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Swedish gardener Filip Johansson ditched his job in IT when his love of gardening took off, after he and his brother commandeered a free plot of land where they started growing flowers and vegetables.

Today, his passion has gone viral, with nearly 63.2K followers on Instagram alone, who he encourages to try his money-saving, sustainable hacks to successful gardening.

He has now written his first book, Garden Hacks, which features 70 tips for gardeners to shortcuts, offering step-by-step instructions on ideas while recycling, saving money and thinking sustainably.

Here are a few of his ideas:

1. Make a cardboard weed barrier

Cut out a piece of cardboard, cutting through it to the middle to create a hole, then place it around the plant.

“It stops weeds from competing with the little seedlings or the plants you have just planted. It works as a collar around the stem of the plant and also helps deter slugs from eating little seedlings.”

The cardboard will disintegrate in a few weeks and if you don’t like the look of it you could top it with grass cuttings or mulch, he suggests.

2. Harvest herbs quickly

Save time tearing off lots of leaves from herbs by running the stems through the holes of a colander from the inside and tugging, which should remove the leaves, which will remain in the colander for you to use. Good herbs for this include sage, mint and oregano, or anything else that won’t benefit from the stems being put into your dishes.

3. Save water rinsing your harvest

“I use a basket from my bicycle as a harvest basket, picking the vegetables and then rinsing them in the basket over a bucket, so I save the water, which I then use to water plants. It’s a good way to not waste water. And in the summer months you need to save every drop.”

4. Revitalise old potting soil

Think again if you’re planning to chuck out all your old potting soil in the spring, he advises.

“It may not have a lot of nutrients, it may be hard and dense and doesn’t look so good, but you can recondition it, as I call it, and just add some nettle water, or some coffee grounds, mix it around and let it sit for a while.

“Probably worms will start to work with the soil, so instead of composting, which takes one or two years, this takes a few weeks.” You could also use comfrey water to feed to revitalise the soil, he suggests. Don’t worry if it is root-laden because coffee grounds and other additions such as barbecue charcoal (not briquettes or ash) will give it structure, he says.

Don’t plant the same plants in the old soil, he advises, because it will lack the nutrients which those specific plants like. He uses old rejuvenated soil as a topsoil layer for his vegetable beds when he plants new seed and mixes it with new compost to plant other types of plants.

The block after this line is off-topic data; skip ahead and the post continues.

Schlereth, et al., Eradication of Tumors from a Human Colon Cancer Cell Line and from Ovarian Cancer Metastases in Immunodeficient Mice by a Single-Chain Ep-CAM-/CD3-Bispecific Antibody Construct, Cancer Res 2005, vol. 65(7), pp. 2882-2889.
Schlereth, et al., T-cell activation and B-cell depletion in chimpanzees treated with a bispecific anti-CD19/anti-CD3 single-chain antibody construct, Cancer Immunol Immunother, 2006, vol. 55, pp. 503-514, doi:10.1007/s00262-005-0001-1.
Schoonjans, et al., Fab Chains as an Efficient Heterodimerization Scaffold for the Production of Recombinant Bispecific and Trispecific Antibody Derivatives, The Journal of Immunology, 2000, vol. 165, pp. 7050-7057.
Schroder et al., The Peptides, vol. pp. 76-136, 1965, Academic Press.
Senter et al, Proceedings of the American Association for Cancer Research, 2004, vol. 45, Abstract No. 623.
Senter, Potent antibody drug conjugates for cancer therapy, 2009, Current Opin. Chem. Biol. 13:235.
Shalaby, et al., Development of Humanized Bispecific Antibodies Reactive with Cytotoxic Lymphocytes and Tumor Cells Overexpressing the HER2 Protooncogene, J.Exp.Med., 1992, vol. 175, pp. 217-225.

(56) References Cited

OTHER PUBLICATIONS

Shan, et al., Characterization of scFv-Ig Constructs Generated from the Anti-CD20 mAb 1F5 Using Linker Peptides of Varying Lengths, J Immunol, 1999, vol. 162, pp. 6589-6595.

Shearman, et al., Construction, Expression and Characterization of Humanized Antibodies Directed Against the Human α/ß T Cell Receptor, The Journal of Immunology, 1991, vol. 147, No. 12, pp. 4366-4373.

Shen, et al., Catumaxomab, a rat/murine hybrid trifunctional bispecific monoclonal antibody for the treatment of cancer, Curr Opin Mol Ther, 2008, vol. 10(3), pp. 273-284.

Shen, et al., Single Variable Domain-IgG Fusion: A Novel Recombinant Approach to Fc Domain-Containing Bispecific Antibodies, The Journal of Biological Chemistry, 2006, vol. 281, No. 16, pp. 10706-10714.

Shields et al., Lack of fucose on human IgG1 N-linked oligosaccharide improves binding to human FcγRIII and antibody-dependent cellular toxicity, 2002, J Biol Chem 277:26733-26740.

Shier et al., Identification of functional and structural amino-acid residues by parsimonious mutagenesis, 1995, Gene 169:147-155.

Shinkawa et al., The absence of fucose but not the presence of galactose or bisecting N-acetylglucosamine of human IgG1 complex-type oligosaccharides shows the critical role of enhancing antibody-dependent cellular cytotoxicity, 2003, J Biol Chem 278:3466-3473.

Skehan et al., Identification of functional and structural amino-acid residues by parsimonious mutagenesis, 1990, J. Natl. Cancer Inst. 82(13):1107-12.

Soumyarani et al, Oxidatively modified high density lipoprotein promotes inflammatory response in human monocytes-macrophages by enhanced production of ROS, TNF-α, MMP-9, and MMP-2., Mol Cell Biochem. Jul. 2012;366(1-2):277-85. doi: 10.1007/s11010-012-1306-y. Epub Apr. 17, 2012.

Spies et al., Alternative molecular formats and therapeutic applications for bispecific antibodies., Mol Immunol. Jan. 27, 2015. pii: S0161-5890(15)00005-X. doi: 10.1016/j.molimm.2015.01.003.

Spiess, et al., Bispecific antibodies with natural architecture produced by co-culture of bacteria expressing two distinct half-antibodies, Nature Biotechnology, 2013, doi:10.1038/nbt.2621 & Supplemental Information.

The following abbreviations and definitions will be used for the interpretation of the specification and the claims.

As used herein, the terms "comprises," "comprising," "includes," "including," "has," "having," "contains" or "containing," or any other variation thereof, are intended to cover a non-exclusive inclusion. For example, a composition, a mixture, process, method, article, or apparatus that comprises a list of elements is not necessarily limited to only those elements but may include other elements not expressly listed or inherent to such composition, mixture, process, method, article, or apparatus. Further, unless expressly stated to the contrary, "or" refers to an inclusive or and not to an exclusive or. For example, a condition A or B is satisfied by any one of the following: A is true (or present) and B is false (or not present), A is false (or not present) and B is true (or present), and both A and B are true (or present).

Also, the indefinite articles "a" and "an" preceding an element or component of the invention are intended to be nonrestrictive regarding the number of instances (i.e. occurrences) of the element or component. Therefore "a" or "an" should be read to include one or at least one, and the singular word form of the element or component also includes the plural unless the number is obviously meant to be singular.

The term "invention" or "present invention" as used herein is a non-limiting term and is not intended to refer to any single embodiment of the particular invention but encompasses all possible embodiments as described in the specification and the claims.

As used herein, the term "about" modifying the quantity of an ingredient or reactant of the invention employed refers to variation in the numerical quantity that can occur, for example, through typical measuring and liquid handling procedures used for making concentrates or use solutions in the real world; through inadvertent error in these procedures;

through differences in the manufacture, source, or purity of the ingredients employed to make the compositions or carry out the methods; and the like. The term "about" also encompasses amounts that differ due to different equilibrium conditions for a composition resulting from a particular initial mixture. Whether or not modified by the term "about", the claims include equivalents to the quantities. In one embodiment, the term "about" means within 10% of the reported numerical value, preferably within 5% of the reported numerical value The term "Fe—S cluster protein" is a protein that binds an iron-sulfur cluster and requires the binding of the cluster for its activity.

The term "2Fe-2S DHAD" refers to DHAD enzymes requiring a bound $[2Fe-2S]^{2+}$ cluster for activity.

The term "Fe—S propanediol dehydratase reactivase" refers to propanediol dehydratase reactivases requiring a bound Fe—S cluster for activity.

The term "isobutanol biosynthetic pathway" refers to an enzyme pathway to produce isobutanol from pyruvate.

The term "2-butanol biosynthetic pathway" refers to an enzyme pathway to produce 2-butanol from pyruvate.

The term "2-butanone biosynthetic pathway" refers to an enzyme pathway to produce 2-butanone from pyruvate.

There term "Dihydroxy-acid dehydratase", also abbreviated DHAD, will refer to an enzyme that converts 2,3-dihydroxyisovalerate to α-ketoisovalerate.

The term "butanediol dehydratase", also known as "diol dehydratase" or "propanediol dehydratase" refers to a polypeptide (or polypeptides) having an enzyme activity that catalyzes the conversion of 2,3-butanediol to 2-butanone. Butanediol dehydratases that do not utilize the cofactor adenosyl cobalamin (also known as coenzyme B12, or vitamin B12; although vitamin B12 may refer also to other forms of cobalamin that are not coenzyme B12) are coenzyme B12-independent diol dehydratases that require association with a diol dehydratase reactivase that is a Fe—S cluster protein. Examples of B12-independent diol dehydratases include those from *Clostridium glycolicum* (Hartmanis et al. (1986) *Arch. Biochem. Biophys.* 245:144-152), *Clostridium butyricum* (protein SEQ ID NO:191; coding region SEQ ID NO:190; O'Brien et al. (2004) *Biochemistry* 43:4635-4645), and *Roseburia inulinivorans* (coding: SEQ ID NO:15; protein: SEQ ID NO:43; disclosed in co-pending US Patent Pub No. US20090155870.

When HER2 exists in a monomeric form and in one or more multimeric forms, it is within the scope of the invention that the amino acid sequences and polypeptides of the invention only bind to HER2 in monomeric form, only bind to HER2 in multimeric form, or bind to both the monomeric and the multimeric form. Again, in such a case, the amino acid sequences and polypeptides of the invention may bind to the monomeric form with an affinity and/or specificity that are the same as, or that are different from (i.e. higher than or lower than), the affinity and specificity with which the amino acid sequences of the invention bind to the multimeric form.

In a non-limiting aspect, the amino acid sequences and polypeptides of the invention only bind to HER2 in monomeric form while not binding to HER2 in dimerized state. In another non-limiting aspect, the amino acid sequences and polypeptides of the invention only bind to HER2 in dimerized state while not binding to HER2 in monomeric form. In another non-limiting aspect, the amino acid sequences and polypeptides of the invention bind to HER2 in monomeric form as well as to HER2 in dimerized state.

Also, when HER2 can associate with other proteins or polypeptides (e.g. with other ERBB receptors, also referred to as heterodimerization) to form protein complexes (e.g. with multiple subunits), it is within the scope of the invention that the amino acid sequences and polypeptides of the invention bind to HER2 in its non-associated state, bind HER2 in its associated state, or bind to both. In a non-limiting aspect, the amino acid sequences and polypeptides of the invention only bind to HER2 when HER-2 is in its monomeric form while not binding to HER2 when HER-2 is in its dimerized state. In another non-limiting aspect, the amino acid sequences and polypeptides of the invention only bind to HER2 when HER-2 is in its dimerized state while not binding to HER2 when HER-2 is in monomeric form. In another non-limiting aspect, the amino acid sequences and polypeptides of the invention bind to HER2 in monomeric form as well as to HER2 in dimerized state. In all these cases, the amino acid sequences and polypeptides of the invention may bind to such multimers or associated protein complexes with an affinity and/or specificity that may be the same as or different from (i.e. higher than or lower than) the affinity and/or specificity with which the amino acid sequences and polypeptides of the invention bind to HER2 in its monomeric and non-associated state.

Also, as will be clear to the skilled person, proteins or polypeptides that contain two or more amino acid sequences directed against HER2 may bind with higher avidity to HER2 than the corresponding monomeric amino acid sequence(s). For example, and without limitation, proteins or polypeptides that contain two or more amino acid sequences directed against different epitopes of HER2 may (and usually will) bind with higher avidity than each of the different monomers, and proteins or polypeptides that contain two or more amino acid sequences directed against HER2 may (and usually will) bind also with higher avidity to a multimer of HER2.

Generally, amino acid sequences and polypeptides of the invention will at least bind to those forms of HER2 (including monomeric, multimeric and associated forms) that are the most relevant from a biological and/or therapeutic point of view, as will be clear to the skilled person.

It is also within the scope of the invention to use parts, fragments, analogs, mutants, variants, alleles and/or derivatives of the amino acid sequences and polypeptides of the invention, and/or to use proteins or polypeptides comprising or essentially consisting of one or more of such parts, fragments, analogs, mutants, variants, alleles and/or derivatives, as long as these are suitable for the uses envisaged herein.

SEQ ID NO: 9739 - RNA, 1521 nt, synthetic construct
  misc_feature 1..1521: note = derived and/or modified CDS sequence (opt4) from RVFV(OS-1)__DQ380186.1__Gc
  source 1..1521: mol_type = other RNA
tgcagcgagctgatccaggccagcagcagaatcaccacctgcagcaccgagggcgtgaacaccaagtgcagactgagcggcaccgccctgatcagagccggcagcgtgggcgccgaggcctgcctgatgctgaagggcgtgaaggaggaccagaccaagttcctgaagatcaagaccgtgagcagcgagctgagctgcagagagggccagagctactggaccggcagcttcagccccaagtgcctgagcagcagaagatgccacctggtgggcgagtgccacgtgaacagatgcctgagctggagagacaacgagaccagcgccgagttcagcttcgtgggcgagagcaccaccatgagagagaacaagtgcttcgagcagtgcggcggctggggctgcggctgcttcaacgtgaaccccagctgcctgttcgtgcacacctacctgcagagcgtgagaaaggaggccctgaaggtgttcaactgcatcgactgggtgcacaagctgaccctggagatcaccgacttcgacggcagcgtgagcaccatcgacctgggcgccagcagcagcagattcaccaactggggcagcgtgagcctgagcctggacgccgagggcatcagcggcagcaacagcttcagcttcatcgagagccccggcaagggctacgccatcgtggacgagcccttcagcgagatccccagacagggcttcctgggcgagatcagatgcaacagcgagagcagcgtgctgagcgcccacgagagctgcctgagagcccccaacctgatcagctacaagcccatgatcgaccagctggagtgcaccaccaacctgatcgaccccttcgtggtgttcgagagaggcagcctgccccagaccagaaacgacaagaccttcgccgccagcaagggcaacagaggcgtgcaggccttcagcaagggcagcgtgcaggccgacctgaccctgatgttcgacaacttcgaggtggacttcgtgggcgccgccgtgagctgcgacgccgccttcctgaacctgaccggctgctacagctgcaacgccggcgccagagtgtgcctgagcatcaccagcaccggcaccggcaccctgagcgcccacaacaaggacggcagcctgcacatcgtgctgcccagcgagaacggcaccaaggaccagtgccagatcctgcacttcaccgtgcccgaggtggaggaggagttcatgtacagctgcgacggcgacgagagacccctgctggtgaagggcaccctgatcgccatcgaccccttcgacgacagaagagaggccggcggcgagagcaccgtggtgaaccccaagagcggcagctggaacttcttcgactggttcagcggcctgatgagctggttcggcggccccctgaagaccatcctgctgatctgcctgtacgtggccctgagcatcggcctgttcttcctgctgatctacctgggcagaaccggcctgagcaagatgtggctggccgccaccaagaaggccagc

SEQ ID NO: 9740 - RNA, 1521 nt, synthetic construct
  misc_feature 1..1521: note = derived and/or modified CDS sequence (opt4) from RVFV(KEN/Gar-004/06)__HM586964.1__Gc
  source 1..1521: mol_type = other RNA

5. Make your own seed tape

Small seeds such as carrot seed are difficult to space evenly, but you can make your own seed tape out of toilet paper to do the same.

Mix flour with water to create a sticky ‘glue’, lay out the toilet paper and fold it lengthways to make a crease in the middle. Lay a tape measure along the length of the paper so you can place the seeds at an even distance, then dip a pencil into the flour mixture and place it into the seeds so that one gets picked up. Twist off the seed on to the toilet paper midway between one long side and the crease.

Repeat using even spacing for the seeds, and when you’re done, apply some flour ‘glue’ along one edge of the paper. Fold the paper along the original crease, roll it up and let it dry, ready to lay out in a garden bed in spring when you can put some soil on top of it and water it in.

6. Stop ants in their tracks

If you have problems with ants on your patio, use coffee filters or insect netting and put them in the bottom of patio pots, to prevent the ants entering the soil. “It hinders them from starting their colony,” he says.

“The other thing is keep watering, because if it’s damp they don’t like it. So try to always keep the soil moist.”

He also recommends using cinnamon to deter them, sprinkling ground cinnamon in the bottom of your pot or pot saucer or along the lines that ants form in between paving stones or near the patio door.

7. Use corks to make perfect spacings for seedlings

“I use corks which are already uncorked from the bottle and screw them into a wooden board or plank with the spacing I want.

“So for peas or beans, you could space them 10cm, then you just push the long board with all the secured corks down into your garden bed and you have perfect holes all the way along, where you can drop in the peas or beans or small seedlings, perfectly spaced.”

Garden Hacks by Filip Johansson is published by Murdoch Books, priced £12.99. Available now. Photography by Peter Carlsson.



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